Well, our original plans went by the wayside, because all it did today was rain. We suited up in raingear right from the start and set out on our trek to
We had very few observations about the day, except that it was wet and that the Allegheny River appears to wind around as much as the
Monday, 28 August 2006: Painted Post, NY to
This was a travel day with a delightful surprise in the middle which was enabled by the GPS, since local signage was lacking. The day was mostly heavily overcast, but we had no rain, and the sun did peek out occasionally. The temp got up to 82.
We saw lovely scenery again, more low mountains and lots of cornfields. The vistas from the mountains were gorgeous, even in the early morning’s misty fog and the later day’s low overcast. Courtesy of the GPS, we ran some neat back roads we likely wouldn’t have gone otherwise, since knowing where they went would have taken a far more detailed local map than we had.
We took our morning break at McDonald’s for cappuccino and apple pie. While we were there, Terry looked at the map to spot the high points along our way, and found a gem: the Millersburg Ferry across the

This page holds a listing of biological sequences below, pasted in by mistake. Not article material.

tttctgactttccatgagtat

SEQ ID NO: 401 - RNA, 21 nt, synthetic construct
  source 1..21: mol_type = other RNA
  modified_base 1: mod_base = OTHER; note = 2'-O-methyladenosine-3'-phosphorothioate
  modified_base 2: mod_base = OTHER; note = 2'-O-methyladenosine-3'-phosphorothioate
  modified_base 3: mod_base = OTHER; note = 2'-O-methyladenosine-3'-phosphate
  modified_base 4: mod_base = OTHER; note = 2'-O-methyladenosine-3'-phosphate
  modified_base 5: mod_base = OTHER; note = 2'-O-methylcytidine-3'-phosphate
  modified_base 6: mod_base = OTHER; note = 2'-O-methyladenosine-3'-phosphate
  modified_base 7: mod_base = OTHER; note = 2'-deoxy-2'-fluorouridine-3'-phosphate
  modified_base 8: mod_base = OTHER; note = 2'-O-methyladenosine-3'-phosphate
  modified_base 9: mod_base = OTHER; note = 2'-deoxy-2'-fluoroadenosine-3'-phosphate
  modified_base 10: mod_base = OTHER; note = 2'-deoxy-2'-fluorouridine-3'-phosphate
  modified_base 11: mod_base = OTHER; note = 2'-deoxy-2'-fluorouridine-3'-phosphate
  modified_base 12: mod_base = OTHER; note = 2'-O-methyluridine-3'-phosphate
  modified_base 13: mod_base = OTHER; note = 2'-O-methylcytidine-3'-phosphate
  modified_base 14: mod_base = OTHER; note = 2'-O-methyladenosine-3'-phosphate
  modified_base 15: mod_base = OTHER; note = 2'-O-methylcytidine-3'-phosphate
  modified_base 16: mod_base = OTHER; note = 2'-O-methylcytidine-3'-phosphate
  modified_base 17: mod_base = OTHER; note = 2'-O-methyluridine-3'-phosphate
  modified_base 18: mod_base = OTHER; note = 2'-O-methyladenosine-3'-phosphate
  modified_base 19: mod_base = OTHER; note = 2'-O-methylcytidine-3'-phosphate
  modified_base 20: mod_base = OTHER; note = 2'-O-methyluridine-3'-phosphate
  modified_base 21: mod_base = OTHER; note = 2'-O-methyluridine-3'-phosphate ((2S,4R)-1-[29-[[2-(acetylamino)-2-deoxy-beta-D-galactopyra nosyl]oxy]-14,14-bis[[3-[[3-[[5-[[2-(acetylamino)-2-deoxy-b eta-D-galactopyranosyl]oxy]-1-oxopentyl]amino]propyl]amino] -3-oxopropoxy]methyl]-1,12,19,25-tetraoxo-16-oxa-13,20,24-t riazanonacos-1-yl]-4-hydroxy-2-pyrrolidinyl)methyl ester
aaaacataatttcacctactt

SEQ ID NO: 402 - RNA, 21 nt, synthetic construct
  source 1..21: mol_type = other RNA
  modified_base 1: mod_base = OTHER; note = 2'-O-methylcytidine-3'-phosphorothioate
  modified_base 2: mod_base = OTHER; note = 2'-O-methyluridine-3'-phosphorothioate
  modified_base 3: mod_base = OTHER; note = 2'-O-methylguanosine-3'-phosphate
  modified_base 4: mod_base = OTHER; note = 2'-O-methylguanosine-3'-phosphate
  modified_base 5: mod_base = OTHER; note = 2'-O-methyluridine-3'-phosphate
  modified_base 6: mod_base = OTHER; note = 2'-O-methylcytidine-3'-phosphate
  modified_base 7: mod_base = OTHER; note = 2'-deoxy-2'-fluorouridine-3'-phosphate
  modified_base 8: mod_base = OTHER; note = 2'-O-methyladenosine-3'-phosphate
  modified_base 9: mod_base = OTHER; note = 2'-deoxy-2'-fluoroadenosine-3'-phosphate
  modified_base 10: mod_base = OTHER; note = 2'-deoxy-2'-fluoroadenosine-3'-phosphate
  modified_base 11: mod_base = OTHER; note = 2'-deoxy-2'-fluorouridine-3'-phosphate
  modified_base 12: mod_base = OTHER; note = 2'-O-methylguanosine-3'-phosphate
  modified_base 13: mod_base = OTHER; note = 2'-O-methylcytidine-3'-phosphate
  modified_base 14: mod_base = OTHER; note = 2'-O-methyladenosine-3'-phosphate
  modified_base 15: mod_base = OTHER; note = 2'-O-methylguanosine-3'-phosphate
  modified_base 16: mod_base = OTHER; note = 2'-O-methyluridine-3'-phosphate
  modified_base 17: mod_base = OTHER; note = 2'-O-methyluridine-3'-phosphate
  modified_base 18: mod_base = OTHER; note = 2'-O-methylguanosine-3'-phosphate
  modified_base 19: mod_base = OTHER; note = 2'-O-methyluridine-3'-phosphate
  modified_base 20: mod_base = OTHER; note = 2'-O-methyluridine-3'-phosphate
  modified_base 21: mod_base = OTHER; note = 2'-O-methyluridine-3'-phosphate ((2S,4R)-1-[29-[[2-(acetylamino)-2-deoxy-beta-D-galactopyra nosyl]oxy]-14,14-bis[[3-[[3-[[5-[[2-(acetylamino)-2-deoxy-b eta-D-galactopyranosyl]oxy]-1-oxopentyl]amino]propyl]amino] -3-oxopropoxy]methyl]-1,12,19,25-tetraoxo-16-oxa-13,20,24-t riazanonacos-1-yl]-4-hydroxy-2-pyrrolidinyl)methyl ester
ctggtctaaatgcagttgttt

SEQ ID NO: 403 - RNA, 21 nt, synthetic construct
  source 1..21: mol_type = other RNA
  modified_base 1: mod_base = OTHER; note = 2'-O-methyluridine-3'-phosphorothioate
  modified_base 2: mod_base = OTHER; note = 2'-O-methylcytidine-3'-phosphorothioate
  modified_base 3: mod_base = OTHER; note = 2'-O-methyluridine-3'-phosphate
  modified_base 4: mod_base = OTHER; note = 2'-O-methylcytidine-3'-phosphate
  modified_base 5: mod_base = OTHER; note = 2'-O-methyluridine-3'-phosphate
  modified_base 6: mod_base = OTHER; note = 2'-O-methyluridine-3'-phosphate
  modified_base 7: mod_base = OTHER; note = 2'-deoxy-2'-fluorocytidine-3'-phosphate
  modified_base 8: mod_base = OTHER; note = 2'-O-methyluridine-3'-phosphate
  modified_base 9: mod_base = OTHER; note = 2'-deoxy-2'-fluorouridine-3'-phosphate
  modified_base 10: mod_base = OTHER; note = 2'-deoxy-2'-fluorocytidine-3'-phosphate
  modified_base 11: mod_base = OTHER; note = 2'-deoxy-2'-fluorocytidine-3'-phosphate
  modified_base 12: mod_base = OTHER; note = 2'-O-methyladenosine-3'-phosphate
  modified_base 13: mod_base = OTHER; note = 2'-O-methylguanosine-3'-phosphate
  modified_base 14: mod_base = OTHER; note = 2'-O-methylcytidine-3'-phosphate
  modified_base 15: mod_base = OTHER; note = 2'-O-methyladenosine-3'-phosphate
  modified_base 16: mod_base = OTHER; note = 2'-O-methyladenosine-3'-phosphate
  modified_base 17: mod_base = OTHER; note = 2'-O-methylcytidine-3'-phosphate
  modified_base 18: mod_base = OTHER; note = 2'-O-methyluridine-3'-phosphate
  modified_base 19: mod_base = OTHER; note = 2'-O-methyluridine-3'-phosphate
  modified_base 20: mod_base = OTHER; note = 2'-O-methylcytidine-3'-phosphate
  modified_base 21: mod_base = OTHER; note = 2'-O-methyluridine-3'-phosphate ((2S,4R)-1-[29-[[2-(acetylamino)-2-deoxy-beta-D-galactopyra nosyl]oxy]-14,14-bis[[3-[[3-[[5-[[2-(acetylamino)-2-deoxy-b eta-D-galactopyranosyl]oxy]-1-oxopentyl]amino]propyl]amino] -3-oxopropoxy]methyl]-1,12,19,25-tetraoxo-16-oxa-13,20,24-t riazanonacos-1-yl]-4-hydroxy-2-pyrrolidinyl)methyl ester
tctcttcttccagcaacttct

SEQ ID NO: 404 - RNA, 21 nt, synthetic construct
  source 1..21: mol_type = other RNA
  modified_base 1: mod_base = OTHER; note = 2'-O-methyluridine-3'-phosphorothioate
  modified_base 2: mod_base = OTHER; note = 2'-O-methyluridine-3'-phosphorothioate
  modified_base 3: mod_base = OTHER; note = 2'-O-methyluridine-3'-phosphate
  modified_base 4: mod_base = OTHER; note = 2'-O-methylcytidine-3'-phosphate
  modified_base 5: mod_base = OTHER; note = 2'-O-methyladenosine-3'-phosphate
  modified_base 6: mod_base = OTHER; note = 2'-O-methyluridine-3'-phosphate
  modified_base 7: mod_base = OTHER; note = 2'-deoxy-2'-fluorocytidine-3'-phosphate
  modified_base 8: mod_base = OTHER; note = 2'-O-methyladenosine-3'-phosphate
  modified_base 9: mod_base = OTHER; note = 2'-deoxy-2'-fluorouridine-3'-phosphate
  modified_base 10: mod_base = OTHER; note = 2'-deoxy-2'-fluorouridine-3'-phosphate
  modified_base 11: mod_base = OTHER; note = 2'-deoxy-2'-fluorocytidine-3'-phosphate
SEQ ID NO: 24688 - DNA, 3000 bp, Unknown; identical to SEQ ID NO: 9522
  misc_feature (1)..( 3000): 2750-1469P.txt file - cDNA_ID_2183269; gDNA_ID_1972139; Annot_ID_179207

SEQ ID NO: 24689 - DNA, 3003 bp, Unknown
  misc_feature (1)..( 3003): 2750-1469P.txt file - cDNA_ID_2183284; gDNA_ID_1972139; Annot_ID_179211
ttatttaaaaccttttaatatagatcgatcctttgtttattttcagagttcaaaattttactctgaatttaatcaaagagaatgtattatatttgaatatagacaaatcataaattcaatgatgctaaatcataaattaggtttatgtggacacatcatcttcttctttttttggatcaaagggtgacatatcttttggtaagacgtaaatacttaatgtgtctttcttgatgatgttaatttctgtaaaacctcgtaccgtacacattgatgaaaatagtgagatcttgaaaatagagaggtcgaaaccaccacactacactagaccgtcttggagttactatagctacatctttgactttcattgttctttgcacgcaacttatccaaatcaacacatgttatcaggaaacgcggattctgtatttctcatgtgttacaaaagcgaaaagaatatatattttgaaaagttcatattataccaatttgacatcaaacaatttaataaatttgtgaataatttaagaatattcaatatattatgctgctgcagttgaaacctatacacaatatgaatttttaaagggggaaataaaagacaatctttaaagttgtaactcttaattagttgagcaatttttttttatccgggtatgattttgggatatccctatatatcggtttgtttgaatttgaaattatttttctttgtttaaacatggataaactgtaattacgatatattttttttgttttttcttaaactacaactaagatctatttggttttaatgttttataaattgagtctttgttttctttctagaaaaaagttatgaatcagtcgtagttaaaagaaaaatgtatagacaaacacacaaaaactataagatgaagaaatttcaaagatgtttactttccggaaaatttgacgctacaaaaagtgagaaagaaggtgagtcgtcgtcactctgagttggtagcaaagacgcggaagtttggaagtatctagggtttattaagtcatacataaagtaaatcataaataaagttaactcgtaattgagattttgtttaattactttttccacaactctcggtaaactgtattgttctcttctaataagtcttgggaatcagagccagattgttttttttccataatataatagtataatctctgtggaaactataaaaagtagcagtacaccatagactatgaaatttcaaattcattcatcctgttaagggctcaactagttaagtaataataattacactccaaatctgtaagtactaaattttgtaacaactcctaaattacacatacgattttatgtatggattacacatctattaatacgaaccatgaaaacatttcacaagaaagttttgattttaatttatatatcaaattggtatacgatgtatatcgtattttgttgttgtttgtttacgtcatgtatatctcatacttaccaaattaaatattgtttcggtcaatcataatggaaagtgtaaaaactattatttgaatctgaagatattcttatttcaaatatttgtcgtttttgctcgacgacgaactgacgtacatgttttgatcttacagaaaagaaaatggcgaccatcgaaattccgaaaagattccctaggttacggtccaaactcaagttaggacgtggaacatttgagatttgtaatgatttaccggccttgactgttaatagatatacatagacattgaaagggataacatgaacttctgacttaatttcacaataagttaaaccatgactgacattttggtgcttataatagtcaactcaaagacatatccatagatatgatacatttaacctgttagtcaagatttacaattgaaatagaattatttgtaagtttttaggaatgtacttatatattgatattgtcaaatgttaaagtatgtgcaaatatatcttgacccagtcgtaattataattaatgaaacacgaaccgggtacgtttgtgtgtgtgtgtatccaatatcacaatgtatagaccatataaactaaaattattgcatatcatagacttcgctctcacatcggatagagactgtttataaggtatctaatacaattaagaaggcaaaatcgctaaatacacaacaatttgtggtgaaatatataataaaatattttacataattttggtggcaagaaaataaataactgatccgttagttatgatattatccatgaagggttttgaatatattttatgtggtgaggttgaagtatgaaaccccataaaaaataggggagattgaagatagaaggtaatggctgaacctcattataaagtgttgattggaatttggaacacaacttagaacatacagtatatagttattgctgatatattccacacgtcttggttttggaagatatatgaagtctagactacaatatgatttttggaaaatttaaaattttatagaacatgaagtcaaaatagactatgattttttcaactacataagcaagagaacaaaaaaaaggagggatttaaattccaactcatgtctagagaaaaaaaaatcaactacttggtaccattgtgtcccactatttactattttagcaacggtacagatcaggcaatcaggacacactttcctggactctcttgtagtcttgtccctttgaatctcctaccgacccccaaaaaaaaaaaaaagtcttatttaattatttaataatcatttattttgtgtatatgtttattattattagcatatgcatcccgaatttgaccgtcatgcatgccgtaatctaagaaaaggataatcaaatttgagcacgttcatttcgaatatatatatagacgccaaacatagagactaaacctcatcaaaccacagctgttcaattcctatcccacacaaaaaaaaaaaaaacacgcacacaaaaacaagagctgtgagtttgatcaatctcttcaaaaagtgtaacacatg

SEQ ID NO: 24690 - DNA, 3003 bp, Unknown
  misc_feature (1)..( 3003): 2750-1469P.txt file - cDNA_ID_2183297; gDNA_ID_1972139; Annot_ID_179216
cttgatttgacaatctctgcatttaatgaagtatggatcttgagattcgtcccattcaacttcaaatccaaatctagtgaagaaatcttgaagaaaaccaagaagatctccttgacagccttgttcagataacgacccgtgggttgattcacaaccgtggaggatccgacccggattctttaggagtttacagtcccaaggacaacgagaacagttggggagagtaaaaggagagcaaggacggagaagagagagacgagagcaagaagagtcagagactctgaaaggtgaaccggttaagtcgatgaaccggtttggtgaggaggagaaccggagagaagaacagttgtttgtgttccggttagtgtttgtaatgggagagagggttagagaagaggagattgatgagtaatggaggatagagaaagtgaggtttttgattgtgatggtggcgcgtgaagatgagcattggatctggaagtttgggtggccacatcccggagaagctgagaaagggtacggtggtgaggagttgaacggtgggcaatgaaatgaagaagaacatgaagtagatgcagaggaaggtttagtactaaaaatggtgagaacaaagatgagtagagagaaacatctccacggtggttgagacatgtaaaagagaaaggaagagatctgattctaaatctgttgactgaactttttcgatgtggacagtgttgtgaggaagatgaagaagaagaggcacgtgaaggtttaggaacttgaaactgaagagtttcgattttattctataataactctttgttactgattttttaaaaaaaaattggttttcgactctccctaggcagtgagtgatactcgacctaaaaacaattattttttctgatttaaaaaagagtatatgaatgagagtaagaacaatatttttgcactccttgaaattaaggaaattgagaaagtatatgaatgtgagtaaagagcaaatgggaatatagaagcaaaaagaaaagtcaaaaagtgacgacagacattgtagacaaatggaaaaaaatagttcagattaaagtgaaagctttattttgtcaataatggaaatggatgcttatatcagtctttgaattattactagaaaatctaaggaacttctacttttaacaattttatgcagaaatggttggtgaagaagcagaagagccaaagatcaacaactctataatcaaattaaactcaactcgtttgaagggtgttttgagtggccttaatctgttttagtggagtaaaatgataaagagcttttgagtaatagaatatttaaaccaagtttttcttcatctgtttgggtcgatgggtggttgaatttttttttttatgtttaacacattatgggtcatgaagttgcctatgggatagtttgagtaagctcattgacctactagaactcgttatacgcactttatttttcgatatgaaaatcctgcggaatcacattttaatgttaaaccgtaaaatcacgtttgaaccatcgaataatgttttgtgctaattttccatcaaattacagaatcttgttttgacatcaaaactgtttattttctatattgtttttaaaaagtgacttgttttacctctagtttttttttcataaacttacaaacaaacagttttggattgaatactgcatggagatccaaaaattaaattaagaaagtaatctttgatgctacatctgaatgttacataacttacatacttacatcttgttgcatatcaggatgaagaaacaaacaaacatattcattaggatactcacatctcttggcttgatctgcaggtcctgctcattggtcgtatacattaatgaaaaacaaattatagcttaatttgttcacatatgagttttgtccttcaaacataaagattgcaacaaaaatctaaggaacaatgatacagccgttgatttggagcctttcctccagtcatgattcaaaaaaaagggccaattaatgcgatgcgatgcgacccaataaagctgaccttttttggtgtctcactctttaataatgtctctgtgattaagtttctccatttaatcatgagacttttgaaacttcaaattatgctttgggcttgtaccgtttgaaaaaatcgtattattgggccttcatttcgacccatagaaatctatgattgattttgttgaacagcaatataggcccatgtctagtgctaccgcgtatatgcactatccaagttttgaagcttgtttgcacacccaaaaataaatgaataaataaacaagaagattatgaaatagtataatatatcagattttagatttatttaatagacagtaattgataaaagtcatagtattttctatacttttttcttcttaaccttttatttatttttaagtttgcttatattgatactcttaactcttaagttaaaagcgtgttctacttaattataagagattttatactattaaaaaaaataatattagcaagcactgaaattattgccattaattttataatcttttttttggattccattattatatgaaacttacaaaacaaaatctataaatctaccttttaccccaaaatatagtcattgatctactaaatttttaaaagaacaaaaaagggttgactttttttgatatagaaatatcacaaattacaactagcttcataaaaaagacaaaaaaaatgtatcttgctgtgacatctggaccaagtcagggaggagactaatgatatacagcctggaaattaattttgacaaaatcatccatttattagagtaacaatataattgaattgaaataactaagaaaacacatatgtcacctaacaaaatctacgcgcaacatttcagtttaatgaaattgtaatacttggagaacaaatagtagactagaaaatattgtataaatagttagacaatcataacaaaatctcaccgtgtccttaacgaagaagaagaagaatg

We followed the campground road, and eventually came to a steep asphalt ramp leading down to the river. It was the ferry landing, but there was no ferry in sight, and no other vehicles were waiting. Looking around, Terry saw a white-painted door – an ordinary house door – attached to the trunk of a tree. Painted on the door were the words “Swing door out to call ferry.” So, Terry unlooped the rope around the doorknob holding the door closed against the tree trunk, and opened the door wide – which meant that the door became visible to the far bank of the wide river. After a bit, the ferry, moored at the far bank, began to make its slow way across the river toward us. The ferry itself was a very low structure, a long, low rectangular red box with a narrow barge attached alongside. It moved with stately slowness, and only when it got close did we realize what we were seeing: a true wooden sternwheeler!